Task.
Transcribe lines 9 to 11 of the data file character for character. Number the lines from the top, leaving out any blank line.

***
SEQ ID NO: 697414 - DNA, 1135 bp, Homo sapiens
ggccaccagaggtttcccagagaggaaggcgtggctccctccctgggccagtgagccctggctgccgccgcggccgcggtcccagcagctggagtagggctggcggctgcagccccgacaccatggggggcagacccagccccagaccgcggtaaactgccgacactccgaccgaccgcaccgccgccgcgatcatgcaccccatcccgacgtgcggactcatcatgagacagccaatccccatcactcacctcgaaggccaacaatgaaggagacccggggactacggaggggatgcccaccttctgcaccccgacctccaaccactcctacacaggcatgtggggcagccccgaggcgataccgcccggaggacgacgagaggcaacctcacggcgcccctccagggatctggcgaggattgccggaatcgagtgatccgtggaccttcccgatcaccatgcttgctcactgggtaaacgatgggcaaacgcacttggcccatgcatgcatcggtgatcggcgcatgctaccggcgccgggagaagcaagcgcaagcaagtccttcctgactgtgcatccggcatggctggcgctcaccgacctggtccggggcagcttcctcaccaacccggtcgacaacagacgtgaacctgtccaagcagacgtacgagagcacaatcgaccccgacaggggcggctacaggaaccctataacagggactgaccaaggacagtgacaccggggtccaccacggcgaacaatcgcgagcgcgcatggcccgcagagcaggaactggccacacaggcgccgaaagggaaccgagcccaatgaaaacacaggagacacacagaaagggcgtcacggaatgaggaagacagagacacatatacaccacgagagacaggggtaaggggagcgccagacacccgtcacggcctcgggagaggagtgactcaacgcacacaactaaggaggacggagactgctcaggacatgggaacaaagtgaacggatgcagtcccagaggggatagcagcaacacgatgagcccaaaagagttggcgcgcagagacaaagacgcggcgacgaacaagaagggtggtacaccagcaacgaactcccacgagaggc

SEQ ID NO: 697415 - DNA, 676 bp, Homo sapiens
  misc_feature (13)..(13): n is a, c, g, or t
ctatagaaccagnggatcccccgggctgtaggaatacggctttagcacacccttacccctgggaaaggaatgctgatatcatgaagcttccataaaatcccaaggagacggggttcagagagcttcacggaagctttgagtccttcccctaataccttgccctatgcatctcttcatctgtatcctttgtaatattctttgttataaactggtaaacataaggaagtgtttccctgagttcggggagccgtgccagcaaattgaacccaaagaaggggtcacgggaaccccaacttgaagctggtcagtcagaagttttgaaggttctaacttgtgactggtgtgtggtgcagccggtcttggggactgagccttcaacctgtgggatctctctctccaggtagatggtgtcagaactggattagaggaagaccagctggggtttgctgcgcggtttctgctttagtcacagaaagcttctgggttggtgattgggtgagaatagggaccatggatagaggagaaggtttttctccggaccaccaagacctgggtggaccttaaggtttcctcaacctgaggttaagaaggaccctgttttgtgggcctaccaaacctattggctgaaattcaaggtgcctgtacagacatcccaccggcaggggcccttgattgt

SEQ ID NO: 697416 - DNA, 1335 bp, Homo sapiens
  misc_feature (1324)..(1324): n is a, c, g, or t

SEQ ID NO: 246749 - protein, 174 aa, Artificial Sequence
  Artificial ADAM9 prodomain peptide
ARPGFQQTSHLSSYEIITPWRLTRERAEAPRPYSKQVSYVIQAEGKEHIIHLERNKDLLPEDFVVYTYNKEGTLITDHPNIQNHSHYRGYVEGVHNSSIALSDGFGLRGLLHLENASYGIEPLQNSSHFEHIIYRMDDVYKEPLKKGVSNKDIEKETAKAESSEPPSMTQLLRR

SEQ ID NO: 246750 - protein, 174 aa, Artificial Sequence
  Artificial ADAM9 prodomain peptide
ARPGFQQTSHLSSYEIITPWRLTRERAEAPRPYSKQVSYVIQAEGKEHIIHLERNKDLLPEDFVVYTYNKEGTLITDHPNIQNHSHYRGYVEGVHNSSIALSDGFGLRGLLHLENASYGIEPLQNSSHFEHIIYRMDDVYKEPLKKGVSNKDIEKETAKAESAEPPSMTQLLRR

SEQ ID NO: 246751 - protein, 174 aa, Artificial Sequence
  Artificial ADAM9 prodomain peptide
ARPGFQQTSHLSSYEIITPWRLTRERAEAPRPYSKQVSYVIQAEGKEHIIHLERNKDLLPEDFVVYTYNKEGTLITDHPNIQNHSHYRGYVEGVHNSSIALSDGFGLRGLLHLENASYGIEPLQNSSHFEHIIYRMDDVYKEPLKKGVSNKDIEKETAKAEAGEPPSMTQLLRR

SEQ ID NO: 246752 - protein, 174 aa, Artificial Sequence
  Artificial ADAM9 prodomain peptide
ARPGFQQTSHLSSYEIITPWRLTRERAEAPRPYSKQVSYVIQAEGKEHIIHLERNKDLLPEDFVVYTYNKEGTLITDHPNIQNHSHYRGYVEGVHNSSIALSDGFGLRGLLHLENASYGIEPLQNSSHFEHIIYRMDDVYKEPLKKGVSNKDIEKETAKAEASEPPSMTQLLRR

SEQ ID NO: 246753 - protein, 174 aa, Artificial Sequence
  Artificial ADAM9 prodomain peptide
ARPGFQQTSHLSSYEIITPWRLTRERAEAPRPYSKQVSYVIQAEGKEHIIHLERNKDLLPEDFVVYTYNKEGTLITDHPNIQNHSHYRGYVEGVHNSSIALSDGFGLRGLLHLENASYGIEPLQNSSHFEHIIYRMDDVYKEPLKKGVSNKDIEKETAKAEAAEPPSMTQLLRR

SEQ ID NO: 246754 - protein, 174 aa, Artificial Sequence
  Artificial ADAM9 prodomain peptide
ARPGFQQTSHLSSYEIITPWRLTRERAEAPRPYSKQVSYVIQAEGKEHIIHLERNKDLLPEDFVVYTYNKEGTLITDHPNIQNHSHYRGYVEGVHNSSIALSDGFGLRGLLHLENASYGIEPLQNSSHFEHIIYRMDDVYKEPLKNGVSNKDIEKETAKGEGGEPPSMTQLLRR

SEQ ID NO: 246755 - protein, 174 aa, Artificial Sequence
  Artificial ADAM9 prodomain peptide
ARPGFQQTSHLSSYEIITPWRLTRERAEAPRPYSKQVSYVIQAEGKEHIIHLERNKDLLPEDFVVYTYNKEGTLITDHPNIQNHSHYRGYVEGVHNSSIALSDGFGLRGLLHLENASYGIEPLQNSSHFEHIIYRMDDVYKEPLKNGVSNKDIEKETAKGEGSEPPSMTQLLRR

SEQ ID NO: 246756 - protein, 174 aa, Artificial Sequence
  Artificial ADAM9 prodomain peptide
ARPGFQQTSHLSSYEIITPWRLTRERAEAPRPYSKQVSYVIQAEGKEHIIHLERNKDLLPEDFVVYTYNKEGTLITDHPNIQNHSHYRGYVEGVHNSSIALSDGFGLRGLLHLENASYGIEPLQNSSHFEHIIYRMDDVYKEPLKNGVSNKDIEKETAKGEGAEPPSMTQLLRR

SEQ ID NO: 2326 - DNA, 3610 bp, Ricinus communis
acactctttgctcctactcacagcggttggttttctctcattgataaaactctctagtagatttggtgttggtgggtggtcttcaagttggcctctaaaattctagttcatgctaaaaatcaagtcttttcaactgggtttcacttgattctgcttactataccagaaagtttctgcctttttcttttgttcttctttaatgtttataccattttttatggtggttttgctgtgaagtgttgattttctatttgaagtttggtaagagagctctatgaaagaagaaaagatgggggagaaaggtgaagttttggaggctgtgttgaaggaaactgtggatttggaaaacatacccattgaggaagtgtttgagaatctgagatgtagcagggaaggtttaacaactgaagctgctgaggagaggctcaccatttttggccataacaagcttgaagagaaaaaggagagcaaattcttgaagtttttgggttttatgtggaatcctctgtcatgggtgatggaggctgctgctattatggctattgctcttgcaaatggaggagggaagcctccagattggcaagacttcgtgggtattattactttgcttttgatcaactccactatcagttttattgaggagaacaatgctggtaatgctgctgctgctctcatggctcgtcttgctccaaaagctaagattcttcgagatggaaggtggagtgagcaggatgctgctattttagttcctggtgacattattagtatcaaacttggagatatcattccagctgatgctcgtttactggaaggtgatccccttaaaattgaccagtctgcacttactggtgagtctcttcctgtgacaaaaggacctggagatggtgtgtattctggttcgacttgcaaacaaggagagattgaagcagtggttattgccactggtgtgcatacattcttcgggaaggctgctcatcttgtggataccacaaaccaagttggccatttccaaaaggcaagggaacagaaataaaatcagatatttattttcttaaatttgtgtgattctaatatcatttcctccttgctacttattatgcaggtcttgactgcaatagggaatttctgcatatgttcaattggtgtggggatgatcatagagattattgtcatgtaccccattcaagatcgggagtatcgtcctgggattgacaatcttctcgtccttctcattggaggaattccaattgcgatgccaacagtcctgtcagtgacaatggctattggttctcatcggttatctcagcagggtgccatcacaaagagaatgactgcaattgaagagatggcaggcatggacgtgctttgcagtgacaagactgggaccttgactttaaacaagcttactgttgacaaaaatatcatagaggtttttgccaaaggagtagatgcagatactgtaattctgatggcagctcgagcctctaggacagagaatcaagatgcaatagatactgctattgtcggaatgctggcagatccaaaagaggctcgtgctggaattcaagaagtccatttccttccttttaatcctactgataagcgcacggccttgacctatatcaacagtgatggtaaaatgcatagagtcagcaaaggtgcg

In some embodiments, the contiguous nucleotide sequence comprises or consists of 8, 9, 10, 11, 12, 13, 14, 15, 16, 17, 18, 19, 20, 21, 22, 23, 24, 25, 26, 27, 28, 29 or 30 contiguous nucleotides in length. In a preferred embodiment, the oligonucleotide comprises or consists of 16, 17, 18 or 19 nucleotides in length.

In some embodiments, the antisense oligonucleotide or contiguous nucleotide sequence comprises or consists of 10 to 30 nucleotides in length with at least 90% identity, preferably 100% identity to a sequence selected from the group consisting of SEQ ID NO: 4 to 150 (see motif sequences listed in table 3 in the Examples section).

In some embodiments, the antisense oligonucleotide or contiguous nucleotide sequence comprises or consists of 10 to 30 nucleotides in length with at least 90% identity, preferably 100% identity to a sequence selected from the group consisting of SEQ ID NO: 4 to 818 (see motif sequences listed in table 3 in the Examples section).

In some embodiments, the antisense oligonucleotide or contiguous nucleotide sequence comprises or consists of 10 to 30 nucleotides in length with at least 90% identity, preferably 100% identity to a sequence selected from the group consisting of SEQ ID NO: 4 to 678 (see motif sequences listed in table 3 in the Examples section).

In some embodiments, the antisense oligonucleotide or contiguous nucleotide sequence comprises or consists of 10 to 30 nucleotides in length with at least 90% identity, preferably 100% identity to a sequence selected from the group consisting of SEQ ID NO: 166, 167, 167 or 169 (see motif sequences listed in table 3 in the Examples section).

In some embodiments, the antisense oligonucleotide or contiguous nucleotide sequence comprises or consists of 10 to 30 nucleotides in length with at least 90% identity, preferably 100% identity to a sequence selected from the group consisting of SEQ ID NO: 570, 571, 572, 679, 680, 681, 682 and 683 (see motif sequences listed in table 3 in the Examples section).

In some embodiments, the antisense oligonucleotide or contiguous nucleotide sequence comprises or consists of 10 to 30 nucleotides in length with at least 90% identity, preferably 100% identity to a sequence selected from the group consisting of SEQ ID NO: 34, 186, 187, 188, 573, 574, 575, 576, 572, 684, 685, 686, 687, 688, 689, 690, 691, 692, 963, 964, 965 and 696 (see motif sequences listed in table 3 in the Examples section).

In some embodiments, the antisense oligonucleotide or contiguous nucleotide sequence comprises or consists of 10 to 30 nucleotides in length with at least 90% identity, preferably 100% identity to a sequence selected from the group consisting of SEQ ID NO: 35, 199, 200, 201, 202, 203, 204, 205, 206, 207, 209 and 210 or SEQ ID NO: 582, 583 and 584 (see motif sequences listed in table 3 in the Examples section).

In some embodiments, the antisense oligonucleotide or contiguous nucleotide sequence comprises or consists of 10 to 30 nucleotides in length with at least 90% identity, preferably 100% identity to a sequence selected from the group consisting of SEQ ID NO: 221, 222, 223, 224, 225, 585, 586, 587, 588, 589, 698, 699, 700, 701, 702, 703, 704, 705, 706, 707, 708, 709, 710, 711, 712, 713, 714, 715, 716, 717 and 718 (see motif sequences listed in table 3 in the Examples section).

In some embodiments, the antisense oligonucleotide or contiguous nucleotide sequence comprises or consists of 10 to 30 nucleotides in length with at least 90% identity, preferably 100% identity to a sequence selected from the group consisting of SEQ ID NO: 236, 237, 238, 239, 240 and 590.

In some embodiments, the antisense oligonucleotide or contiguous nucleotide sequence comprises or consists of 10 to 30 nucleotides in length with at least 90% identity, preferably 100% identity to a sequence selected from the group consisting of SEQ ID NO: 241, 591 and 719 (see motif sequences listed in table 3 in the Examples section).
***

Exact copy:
  Artificial ADAM9 prodomain peptide
ARPGFQQTSHLSSYEIITPWRLTRERAEAPRPYSKQVSYVIQAEGKEHIIHLERNKDLLPEDFVVYTYNKEGTLITDHPNIQNHSHYRGYVEGVHNSSIALSDGFGLRGLLHLENASYGIEPLQNSSHFEHIIYRMDDVYKEPLKKGVSNKDIEKETAKAESSEPPSMTQLLRR

SEQ ID NO: 246750 - protein, 174 aa, Artificial Sequence